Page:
Ø [Phase] Frames of Reference
Listening to an album like Ø [Phase]‘s full-length debut, Frames of Reference, feels like waiting […]
Listening to an album like Ø [Phase]‘s full-length debut, Frames of Reference, feels like waiting for the hammer to fall. It doesn’t explode, instead favoring a slow, twisting burn, and it’s worth our time to the same degree that it’s out of step with techno’s current trend toward harder, scuffed sounds. But at its core, this is still pure, tightly wound techno, even if it lacks the claustrophobic vibe that often gives music in the category its tension and drama. Ashley Burchett has been active since 2000 and, like we’ve seen with recent full-length efforts from Drumcell and Function, he’s given himself a long lead time for this LP. However, as compared to those other 2013 debuts, Frames of Reference could more easily appeal to non-techno heads. Applying lessons learned from Robert Hood—whose influence has been an incredibly fertile force as of late—Burchett straddles all the classic polarities between humans and machines, melody and abstraction, forward movement and peaceful stasis. Frames of Reference is in an intense dialogue with techno’s philosophy, but the results are hardly exclusive.
These 10 tracks seem to roll off the assembly line, but are too silken for a word like “industrial” to apply, and the album’s melodies are too well-managed to really veer into spiral-trance mode. Yet the experience is not unlike Petar Dundov’s Sailing off the Grid, reeling off one microcosm after another with a sublime sense of pace. It reaches for a listening pleasure that doesn’t belong to techno alone. This approach is particularly apparent in the strategic way that the album keeps the bass at a low boil while letting the mids and treble play across the stereo field, like on the cinematic, dubby “Perplexed,” which contains shades of Redshape. Where a group like AnD summons a compressed, fight-or-flight response, Ø [Phase] plays a subtler but no less engaging game, teasing out different gradients of sickness over extended periods.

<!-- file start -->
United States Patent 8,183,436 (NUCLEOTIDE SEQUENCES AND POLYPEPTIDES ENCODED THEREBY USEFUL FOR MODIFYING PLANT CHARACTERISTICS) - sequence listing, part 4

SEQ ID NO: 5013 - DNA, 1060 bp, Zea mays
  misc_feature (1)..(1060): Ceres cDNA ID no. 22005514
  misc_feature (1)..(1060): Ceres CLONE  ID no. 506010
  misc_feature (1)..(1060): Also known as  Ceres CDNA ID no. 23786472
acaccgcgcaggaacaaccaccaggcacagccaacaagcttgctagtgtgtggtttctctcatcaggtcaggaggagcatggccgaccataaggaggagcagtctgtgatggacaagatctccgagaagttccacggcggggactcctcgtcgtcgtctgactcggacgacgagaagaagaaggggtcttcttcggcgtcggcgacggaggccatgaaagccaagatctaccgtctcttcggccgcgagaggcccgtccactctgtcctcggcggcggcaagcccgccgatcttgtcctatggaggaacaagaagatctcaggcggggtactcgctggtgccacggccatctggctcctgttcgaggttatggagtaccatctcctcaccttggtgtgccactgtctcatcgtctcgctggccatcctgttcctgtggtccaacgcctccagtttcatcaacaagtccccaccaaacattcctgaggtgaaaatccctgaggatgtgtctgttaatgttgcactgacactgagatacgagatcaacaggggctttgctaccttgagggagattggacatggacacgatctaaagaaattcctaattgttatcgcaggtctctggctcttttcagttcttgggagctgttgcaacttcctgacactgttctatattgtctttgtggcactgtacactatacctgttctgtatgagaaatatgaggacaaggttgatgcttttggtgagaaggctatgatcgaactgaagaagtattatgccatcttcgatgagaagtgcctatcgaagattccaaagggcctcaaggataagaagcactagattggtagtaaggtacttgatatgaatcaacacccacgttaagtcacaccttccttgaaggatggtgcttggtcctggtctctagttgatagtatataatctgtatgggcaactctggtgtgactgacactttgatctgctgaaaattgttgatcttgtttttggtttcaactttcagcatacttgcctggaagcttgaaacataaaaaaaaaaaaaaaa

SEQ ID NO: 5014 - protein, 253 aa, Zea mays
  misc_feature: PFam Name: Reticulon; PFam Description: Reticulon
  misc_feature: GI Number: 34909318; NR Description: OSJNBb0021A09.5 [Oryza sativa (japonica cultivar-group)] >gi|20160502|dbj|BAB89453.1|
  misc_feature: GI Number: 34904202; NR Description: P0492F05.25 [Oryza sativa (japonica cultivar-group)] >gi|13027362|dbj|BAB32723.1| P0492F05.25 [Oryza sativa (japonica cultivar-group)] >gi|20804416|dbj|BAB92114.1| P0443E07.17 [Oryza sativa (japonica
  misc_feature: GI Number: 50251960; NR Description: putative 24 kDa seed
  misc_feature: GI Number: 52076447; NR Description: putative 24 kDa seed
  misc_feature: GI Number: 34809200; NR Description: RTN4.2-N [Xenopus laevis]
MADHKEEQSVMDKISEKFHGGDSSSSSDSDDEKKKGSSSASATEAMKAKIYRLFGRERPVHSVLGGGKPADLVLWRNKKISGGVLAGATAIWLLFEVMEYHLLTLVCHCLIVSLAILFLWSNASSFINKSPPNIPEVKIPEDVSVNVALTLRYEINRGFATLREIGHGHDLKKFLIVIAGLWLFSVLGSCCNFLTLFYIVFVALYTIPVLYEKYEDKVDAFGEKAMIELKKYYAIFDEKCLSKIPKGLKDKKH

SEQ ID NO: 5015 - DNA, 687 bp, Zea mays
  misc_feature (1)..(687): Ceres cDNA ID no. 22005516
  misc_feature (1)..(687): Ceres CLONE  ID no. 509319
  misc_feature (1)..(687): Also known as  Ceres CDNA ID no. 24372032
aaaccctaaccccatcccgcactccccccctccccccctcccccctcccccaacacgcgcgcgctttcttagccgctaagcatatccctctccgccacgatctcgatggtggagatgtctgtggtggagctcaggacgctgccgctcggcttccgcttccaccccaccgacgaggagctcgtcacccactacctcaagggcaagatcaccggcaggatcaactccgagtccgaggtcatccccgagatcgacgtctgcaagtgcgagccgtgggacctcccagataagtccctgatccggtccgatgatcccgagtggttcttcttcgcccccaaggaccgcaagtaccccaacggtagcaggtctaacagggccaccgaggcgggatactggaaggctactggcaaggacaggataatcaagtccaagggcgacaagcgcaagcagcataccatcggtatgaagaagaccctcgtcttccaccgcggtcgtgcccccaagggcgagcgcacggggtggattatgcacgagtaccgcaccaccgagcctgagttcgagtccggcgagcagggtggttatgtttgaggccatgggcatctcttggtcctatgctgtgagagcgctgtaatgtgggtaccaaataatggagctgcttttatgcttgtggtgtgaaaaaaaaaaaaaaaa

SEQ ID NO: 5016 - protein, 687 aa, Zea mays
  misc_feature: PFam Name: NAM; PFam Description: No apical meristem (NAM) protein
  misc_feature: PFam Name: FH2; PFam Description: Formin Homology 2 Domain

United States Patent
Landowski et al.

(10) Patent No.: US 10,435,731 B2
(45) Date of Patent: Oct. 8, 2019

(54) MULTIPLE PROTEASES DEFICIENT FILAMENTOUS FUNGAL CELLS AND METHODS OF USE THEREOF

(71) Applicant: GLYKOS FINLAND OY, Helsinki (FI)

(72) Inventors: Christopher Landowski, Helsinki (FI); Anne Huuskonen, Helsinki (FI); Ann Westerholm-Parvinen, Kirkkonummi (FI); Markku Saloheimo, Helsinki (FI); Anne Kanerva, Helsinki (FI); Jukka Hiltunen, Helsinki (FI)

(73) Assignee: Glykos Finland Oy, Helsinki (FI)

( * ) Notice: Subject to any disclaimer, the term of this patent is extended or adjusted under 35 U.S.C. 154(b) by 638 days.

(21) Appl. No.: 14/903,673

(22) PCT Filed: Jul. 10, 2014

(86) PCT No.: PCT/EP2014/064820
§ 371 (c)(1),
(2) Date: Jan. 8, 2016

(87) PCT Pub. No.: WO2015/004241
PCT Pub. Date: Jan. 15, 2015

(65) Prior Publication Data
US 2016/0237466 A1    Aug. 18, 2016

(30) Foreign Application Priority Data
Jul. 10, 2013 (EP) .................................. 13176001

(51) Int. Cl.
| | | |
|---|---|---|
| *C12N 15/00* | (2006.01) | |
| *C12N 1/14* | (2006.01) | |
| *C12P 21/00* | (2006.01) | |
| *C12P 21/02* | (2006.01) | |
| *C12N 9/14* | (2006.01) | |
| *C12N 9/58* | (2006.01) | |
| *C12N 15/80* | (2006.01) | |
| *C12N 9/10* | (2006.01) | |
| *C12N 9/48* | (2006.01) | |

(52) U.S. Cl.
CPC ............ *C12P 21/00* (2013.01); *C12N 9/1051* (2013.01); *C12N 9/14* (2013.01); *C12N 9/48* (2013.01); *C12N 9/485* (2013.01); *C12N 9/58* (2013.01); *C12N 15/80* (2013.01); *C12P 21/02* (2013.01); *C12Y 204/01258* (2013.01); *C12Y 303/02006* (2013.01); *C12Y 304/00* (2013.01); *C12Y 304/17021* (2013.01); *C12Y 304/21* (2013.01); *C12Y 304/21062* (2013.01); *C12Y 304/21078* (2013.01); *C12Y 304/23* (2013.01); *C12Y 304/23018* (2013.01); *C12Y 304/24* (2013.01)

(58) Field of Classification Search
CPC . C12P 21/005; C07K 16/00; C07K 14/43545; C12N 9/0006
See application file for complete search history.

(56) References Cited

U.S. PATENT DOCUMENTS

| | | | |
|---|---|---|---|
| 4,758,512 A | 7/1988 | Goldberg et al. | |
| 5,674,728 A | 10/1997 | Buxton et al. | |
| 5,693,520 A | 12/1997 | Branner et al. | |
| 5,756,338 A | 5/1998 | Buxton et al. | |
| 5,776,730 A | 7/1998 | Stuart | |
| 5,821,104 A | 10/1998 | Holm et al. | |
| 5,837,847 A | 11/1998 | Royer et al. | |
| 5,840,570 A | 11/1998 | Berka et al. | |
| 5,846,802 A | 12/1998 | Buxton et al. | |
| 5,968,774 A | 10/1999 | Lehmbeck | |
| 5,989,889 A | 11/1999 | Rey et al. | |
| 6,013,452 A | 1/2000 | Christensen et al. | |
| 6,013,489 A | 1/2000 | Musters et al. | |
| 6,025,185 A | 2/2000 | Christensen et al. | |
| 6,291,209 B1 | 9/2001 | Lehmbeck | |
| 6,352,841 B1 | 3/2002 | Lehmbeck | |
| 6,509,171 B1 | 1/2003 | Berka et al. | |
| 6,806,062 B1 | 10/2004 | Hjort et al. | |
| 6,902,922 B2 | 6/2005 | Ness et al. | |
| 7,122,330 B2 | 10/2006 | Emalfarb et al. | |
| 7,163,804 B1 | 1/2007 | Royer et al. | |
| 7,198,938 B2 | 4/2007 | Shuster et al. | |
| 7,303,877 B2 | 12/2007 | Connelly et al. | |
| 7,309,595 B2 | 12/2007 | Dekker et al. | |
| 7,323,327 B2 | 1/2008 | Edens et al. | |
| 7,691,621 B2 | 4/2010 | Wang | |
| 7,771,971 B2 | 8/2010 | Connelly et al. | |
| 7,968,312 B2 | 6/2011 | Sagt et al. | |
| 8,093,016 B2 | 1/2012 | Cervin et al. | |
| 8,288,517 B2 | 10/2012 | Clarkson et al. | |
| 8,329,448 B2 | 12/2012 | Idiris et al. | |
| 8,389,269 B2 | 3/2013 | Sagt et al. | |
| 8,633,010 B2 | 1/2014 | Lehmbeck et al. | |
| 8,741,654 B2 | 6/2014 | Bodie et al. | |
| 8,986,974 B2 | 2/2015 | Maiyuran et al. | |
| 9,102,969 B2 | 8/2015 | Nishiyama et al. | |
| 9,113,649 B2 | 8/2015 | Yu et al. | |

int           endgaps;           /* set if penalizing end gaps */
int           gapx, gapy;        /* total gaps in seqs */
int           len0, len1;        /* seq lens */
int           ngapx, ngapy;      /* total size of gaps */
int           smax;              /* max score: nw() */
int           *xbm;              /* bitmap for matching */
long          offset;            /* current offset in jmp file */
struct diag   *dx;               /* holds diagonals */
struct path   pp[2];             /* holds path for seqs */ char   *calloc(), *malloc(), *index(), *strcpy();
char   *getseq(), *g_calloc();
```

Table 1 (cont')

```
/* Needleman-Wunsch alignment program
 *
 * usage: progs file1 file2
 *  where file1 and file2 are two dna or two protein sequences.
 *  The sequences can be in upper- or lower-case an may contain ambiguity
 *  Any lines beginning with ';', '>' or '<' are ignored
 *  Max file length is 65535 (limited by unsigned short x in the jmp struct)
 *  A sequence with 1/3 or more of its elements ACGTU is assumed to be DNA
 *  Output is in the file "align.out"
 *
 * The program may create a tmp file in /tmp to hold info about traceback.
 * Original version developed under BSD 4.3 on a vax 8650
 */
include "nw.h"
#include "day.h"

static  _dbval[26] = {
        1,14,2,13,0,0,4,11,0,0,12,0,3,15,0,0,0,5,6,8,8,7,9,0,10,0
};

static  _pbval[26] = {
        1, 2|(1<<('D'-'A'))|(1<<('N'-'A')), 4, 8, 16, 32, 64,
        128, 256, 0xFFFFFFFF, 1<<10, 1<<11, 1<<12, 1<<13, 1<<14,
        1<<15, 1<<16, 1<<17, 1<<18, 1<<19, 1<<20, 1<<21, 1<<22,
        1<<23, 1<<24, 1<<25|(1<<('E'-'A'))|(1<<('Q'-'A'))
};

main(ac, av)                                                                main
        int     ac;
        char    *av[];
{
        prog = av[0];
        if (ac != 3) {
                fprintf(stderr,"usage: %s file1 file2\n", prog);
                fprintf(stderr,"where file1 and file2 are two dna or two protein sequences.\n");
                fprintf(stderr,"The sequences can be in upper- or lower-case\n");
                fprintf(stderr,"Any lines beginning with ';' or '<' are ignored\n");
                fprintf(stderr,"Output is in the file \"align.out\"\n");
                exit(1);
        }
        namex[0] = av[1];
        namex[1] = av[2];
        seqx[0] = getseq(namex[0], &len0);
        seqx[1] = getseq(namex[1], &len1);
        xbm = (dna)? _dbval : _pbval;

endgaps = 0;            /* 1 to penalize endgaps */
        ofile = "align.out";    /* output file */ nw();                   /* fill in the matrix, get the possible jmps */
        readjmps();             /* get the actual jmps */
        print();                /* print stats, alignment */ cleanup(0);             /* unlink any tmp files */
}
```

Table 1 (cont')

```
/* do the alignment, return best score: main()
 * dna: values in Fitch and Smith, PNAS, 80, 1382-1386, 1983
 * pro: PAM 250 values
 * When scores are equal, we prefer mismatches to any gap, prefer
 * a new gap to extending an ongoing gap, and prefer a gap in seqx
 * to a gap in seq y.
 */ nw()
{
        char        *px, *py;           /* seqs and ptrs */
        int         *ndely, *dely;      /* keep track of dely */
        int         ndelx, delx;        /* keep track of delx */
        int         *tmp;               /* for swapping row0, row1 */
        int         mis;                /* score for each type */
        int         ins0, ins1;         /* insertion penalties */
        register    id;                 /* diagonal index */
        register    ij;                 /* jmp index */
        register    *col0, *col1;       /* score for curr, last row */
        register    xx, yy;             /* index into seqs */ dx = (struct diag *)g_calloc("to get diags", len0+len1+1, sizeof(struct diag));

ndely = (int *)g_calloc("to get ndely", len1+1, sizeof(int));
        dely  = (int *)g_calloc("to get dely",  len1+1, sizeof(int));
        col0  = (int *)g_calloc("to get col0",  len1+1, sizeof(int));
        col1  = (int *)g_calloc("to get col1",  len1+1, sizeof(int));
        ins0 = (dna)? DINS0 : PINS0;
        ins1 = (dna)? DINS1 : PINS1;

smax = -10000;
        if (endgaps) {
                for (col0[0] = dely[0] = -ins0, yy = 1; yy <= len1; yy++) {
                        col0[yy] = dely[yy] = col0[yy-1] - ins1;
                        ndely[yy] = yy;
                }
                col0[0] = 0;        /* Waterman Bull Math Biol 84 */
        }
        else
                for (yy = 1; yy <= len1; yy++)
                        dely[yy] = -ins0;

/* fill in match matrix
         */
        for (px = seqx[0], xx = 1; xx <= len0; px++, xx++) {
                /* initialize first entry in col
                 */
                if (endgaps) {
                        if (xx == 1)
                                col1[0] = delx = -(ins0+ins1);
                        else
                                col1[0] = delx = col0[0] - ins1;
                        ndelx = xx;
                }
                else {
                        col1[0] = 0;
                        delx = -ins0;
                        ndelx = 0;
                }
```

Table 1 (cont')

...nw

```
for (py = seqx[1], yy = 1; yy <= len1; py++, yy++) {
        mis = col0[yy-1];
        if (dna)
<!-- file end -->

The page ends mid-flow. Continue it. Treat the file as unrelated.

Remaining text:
Most unexpectedly, the kick drums are demoted to a kind of heartbeat role, even when we expect them to be the main protagonist. It’s kind of like hearing a DJ set from the floor below Berghain, the dopesick churn of a nearby bacchanal, on top of which Ø [Phase] creates a conversation between Tourette-stricken machines. Techno has more than a little in common with literary modernism’s pages-long sentences, and it’s a comparison that seems apt considering the way Frames of Reference summons themes by sloshing its vocabulary around. This album’s hazy float also aligns well with the resurgence of dub-techno influences, its twisting wreaths of ping-pong delay contrasting with steam-scorched distortion and hardcore psychosis. Ø [Phase] comes across as being primarily concerned with pursuing techno’s function as a form of deep body meditation. Frames of Reference just happens to stick out as an alternate route to the heart of machine music’s appeal.